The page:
We've got nothing to do with the war. Maybe that's why we're on this ship, cause we're not good enough to fight.

In my tryptophan-induced coma last week I missed a post by tristero at Digby's in which he wrestles with the question of whether one must themselves fight in a war they support.

Jose Chung and DavidByron both seem to believe (and I'm sure they'll correct me if I'm wrong!) that the chickenhawk issue really is about whether only those with military service are qualified to opine on the subject of war. But that's not quite right. Of course, military service, or the lack of, has no genuine importance to the worth of an argument pro or con the Bush/Iraq war.* The real issue is the total cluelessness of a particular group of war advocates whose drooling enthusiasm for war isn't grounded in reality.

I tried to make it clear in my post - but it wasn't clear enough, apparently - that the hostile question, "well, if you support the war so much, why doncha serve?" is no query at all, but an angry, exasperated, assertion amounting to saying, "You don't know a damn thing about what you're talking about, or you wouldn't talk about Bush/Iraq in such a foolish, callous way." So yes, as DavidByron says, the question is a nasty, sarcastic, ad hominem attack. What makes it appropriate is that the reasoning of the chickenhawks was beyond serious discussion. Thomas Friedman's insistence that even if Saddam had nothing to do with 9/11 or had WMD's, "we" still oughta whack him because "we" can. George Packer's utterly naive kumbaya-save-the-world attitude. John Podhoretz' floating the suggestion that maybe US forces should have killed more young Iraqi males at the beginning of the invasion. And, of course, the 101st Keyboarders who talk as if Mr. Kurtz's "Exterminate all of the brutes" doesn't go far enough by half.

I've been tossing this question of whether or not one is qualified to speak on military matters if one has never worn the uniform of the United States military. Obviously from a purely pedantic standpoint the answer is in the affirmative. Citizens make decisions on the use of military in broad strokes through support of platforms advocated by individual candidates at the ballot box. Support of specific military action (such as that in Kosovo or Iraq) generally takes the form of arguing the necessity of the action with their fellow citizens and bumper stickers. Speech and franchise are constitutionally protected with no caveat of prior military service necessary.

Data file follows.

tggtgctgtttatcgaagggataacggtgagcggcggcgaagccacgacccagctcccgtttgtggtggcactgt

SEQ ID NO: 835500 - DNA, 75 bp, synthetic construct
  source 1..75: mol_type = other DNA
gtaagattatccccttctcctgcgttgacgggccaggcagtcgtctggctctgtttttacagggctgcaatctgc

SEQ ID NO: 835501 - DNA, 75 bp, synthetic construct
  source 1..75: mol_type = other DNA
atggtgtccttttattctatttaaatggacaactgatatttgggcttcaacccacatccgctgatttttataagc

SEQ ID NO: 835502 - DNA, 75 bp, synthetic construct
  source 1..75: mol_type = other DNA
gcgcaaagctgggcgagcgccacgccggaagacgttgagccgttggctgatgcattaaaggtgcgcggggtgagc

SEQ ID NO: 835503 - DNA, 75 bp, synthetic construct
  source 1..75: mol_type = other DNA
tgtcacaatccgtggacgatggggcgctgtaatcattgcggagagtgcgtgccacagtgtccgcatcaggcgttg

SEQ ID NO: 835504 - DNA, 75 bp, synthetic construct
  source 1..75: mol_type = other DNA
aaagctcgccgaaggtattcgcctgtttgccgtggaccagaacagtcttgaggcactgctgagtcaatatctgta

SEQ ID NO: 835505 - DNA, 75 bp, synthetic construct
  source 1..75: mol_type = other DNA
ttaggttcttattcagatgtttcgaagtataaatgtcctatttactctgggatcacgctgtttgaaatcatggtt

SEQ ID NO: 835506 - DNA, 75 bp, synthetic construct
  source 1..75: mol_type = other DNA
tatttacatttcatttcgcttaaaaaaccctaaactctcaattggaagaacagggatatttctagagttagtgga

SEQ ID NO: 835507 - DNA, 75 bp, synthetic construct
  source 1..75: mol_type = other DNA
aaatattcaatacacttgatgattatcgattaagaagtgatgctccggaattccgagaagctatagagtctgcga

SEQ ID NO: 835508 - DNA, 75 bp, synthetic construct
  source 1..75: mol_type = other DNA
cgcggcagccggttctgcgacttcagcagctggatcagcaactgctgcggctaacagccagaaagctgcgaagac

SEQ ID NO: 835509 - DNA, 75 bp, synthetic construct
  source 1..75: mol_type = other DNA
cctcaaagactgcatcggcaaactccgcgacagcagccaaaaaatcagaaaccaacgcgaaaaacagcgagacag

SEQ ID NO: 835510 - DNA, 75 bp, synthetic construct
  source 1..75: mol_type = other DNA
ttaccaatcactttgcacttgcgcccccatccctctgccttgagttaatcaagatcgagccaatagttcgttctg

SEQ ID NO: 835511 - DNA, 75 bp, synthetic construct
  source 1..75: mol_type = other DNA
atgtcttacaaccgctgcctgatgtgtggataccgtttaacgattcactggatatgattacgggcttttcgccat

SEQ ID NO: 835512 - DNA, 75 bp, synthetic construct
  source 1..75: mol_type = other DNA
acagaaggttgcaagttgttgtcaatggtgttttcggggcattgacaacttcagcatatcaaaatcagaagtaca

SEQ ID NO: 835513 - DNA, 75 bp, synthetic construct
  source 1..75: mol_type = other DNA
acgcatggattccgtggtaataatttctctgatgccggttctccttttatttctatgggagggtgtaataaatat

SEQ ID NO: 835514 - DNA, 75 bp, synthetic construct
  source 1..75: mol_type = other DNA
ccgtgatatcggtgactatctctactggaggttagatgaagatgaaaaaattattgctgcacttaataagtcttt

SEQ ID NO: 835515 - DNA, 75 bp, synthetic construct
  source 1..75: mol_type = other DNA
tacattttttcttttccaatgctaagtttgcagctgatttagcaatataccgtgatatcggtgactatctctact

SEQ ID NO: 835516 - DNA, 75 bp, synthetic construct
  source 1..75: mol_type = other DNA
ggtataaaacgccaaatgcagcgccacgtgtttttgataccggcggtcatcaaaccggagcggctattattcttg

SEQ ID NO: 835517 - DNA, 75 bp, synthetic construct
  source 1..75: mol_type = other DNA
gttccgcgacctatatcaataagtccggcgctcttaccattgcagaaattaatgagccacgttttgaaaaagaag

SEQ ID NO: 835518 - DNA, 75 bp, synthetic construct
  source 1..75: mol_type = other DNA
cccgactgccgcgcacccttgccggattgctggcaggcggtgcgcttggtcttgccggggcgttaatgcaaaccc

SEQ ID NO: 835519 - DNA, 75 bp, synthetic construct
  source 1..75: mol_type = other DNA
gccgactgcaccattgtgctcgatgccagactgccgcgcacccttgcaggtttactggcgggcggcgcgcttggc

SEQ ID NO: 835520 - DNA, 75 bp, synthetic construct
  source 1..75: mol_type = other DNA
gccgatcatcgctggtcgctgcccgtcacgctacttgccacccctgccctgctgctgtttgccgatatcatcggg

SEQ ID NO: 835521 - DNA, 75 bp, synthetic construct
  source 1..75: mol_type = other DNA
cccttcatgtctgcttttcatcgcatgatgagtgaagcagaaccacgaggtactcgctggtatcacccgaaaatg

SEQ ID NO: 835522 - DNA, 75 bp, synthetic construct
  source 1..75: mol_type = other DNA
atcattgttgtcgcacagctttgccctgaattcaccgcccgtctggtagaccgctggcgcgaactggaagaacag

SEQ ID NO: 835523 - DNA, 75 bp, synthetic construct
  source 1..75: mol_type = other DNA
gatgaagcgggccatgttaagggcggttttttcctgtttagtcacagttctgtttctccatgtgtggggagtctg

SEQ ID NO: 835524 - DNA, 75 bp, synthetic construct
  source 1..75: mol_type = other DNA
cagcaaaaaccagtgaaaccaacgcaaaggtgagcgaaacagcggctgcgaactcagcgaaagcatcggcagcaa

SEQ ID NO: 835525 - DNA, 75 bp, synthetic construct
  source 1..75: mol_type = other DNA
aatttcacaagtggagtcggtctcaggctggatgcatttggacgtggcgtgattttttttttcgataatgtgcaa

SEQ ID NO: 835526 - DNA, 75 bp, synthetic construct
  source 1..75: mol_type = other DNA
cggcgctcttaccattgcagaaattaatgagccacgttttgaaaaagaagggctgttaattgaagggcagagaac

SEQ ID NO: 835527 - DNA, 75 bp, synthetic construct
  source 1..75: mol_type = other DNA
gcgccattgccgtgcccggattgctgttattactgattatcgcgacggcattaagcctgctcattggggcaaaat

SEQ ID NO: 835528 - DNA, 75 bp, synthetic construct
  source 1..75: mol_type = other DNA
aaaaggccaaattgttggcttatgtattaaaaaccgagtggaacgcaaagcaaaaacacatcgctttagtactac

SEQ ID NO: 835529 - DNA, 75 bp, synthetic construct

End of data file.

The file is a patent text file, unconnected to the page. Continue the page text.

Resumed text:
Ultimately the chickenhawk issue is really a question of personal morality. There's a whole series of questions that those of us practicing realpolitik work through before deciding to lend their support to specific military action. Is this action necessary for the security of the Untied States an it's allies? Does it meet the long term strategic interests of the United States? Have we exhausted all diplomatic and alternative means of solving the problem? Does it meet the Powell Doctrine and, if not, would I be willing to send me an mine to fight?

Chickenhawks aren't just people who avoided service but are today glib about sending others to fight in wars they advocate. Chickhawks are people who refuse to ask themselves any of all of those moral questions before advocating military conflict. They chose not to expose themselves to the moral ambiguity of war when they were younger and choose today not to expose themselves to the moral ambiguities of war by not facing and coming to terms with them today. They are both physical and moral cowards.